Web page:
As a result of tax law changes, tuition support for schools now comes entirely from the state, with no contribution from local property taxes. In spite of assertions that only a handful of people in the state understand the funding formula, its quite simple. Its what happens beyond the base formula thats baffling.
This year, it was the appearance of the restoration grant. It uses a complex, two-tiered calculation that steers $238 million to 73 percent of the states school districts. Indianapolis Public Schools receives an additional $381 per pupil outside the basic formula. Gary Public Schools nets an extra $14.6 million over two years. Hamilton Southeastern Schools, where former Southwest Allen County Superintendent Brian Smiths new school board is preparing to sue the state for inequitable funding, is in line to receive an extra $6.1 million.
Rep. Jeff Espich, R-Uniondale, was a vocal participant in legislative hearings designed to solicit opinions of school funding earlier this year. He repeatedly pressed FWCS Superintendent Wendy Robinson and others to give lawmakers a figure for how much it costs to educate a student in an urban district. Espich is a 37-year veteran of the General Assembly and arguably one of its brightest fiscal leaders.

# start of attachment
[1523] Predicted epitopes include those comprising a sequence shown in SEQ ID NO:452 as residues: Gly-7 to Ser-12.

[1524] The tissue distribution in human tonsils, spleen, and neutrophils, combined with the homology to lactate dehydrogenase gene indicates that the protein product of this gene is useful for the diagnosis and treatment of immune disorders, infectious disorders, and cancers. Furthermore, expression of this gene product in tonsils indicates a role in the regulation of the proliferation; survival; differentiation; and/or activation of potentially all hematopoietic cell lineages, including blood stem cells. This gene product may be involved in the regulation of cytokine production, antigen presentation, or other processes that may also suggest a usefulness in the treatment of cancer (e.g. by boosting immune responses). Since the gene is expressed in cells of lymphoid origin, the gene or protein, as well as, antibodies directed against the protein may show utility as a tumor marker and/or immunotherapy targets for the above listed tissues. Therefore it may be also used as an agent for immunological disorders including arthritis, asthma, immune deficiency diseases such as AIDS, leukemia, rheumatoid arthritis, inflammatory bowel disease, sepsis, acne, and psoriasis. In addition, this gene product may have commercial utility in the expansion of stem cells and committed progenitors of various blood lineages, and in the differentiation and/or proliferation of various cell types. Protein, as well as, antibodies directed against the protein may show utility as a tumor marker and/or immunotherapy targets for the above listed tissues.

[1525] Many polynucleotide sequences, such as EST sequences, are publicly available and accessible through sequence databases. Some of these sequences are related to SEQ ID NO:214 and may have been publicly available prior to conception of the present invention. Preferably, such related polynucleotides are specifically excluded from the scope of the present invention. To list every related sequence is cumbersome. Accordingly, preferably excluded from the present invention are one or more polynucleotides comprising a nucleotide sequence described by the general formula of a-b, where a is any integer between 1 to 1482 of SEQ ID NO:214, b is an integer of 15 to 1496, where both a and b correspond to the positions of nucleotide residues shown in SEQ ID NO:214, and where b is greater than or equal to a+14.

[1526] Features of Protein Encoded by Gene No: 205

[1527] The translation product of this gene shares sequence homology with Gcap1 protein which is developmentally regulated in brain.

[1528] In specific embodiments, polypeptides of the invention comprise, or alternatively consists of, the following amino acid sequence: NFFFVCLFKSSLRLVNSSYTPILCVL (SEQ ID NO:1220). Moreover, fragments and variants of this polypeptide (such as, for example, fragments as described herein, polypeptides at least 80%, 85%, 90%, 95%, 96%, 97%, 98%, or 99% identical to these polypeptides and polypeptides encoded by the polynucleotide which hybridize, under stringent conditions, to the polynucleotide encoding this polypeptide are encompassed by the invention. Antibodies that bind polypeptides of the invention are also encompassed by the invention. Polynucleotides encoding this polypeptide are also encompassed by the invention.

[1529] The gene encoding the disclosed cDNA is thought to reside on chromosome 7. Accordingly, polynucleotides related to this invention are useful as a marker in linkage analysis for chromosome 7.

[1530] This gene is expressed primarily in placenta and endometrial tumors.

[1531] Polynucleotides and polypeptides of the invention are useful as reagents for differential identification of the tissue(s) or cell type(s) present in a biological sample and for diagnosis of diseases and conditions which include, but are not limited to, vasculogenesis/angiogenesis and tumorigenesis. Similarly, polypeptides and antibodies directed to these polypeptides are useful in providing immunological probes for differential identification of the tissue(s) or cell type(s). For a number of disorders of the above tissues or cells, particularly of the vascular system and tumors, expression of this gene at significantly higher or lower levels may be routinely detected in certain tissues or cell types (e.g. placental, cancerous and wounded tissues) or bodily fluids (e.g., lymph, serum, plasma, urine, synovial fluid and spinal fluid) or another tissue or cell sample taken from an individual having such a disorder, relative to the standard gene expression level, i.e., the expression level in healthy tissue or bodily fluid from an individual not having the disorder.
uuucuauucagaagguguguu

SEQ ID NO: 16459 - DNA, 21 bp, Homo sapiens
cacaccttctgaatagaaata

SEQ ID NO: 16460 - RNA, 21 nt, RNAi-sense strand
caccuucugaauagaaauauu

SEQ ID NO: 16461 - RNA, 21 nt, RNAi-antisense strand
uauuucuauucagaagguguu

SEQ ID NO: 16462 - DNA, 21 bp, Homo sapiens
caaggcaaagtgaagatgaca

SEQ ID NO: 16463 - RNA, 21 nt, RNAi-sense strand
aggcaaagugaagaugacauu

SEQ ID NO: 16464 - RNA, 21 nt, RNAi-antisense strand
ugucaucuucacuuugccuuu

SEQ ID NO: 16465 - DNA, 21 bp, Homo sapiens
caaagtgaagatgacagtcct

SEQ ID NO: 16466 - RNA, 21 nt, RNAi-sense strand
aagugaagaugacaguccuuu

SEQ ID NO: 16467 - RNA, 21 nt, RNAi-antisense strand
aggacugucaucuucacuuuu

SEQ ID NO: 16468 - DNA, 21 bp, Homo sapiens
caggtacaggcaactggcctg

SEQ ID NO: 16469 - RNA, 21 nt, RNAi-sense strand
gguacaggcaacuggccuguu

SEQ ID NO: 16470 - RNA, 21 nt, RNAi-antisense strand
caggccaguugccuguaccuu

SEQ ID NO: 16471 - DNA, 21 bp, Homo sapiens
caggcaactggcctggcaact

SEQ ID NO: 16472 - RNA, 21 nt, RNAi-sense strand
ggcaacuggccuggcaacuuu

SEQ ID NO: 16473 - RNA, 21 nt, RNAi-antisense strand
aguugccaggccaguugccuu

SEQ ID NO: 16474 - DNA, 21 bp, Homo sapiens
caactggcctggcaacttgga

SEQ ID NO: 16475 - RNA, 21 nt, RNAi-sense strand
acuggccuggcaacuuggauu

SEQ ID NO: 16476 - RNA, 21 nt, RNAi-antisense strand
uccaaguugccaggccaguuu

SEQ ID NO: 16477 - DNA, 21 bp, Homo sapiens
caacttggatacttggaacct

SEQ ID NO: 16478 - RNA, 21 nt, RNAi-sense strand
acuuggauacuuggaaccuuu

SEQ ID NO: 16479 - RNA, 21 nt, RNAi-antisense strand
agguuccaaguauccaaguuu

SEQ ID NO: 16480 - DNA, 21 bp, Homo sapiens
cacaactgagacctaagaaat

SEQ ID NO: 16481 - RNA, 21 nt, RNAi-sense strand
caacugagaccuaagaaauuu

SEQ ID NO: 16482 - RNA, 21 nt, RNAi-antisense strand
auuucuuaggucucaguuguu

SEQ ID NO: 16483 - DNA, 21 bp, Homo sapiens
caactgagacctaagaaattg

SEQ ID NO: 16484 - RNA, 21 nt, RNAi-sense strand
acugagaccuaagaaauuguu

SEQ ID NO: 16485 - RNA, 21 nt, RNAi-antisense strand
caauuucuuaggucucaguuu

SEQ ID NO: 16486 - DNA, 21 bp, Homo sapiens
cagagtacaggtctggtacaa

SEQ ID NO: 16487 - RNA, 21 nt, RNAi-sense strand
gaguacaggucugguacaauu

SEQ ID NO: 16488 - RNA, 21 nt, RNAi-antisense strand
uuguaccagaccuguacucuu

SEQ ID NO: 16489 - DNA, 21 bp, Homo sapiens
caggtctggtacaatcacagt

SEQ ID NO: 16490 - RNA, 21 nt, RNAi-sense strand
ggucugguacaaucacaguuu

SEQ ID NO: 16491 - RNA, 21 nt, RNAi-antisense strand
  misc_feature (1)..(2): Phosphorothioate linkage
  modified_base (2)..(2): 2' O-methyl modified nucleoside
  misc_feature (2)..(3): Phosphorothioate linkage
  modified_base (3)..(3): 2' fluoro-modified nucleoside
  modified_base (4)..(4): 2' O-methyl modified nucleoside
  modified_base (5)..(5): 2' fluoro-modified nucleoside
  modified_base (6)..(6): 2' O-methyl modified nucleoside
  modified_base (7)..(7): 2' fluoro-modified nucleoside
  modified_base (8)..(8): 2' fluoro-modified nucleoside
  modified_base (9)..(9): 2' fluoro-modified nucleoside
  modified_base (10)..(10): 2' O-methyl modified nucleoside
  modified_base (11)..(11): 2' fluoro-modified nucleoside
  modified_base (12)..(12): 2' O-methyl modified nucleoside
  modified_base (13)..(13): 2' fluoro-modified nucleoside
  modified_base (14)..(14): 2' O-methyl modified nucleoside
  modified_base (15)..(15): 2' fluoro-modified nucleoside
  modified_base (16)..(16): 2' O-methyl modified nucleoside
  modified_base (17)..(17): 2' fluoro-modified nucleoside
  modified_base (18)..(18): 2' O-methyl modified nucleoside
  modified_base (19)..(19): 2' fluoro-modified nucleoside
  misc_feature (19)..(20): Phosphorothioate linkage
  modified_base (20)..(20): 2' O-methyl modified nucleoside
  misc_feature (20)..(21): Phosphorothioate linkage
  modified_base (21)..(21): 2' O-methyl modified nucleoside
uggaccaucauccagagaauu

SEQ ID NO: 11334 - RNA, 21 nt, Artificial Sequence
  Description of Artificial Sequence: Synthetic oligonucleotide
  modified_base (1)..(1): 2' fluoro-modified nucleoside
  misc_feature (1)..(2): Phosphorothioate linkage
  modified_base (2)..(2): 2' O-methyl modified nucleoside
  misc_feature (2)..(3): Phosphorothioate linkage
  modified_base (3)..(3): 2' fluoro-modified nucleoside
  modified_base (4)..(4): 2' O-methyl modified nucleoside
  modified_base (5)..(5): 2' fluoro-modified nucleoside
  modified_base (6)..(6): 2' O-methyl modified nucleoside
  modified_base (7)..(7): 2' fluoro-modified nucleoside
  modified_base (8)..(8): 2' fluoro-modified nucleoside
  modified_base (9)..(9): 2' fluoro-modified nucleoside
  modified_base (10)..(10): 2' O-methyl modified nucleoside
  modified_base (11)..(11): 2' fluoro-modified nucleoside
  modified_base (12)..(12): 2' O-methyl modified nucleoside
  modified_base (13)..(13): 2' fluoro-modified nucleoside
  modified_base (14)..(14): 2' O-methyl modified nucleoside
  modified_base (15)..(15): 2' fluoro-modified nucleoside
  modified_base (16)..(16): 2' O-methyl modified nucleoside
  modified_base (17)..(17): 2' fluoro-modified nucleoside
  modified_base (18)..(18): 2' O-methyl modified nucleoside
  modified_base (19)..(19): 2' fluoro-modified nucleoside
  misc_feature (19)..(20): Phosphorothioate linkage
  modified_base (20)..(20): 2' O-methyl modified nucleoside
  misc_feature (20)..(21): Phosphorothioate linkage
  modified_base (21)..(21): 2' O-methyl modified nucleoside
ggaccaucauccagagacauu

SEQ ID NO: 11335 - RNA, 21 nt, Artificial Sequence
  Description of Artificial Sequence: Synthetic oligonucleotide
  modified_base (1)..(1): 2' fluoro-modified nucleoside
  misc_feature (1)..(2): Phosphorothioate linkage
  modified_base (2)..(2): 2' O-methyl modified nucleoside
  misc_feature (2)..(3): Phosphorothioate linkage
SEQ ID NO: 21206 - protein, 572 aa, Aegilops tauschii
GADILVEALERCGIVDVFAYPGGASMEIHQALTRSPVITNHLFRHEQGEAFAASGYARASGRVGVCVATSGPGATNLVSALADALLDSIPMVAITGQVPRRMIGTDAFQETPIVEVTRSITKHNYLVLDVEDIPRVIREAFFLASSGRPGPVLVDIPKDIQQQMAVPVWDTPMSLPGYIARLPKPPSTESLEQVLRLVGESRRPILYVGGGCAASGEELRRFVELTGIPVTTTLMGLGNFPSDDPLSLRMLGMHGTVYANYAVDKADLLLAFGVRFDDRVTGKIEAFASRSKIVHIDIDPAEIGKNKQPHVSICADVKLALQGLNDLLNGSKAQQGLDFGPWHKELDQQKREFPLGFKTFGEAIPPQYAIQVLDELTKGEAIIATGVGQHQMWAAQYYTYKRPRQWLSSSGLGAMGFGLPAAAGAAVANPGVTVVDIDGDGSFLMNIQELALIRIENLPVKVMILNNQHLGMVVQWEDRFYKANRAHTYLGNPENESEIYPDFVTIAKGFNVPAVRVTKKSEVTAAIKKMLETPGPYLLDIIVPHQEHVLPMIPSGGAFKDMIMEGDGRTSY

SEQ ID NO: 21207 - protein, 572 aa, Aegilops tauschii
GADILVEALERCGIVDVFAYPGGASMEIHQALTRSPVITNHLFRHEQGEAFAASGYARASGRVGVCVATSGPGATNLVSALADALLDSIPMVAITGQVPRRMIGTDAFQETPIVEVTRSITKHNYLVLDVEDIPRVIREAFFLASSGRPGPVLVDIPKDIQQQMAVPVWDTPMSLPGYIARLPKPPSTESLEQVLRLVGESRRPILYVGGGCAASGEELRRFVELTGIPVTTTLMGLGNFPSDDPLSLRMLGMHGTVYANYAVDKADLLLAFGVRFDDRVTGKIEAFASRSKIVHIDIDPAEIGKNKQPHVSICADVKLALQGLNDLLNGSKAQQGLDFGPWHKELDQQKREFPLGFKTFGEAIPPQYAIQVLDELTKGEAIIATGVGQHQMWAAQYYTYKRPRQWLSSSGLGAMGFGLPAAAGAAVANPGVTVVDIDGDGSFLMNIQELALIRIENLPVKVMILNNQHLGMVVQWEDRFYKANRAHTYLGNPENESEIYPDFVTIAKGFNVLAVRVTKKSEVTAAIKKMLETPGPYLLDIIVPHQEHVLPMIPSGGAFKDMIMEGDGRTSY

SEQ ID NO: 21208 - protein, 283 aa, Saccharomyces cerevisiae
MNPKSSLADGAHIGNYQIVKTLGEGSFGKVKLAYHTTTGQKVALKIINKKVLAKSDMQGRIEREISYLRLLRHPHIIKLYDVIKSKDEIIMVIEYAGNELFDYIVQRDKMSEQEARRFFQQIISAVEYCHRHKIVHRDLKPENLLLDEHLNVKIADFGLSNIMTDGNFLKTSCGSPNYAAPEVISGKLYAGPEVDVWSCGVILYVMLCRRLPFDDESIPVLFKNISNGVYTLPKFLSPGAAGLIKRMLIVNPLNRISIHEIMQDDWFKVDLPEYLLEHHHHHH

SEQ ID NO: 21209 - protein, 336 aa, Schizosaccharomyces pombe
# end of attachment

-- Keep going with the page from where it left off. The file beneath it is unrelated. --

But asked last week about the restoration grant addition to the final budget bill, Espich was clueless. He did have an explanation for how such a thing happens, however.
Youve got 300 school corporations. You come up with these school (formula) runs and you see every rural school is getting the devil beat out of them, he said. So they plug in a way to do it that so that they arent hurt and they run those numbers. It takes care of that issue, and then weve got another. So they plug in a supplement and go through it again. With each run, they get a different result.
Writing formulas is not a science, Espich said. You get to your base number and you see who got creamed here; how did the other side do?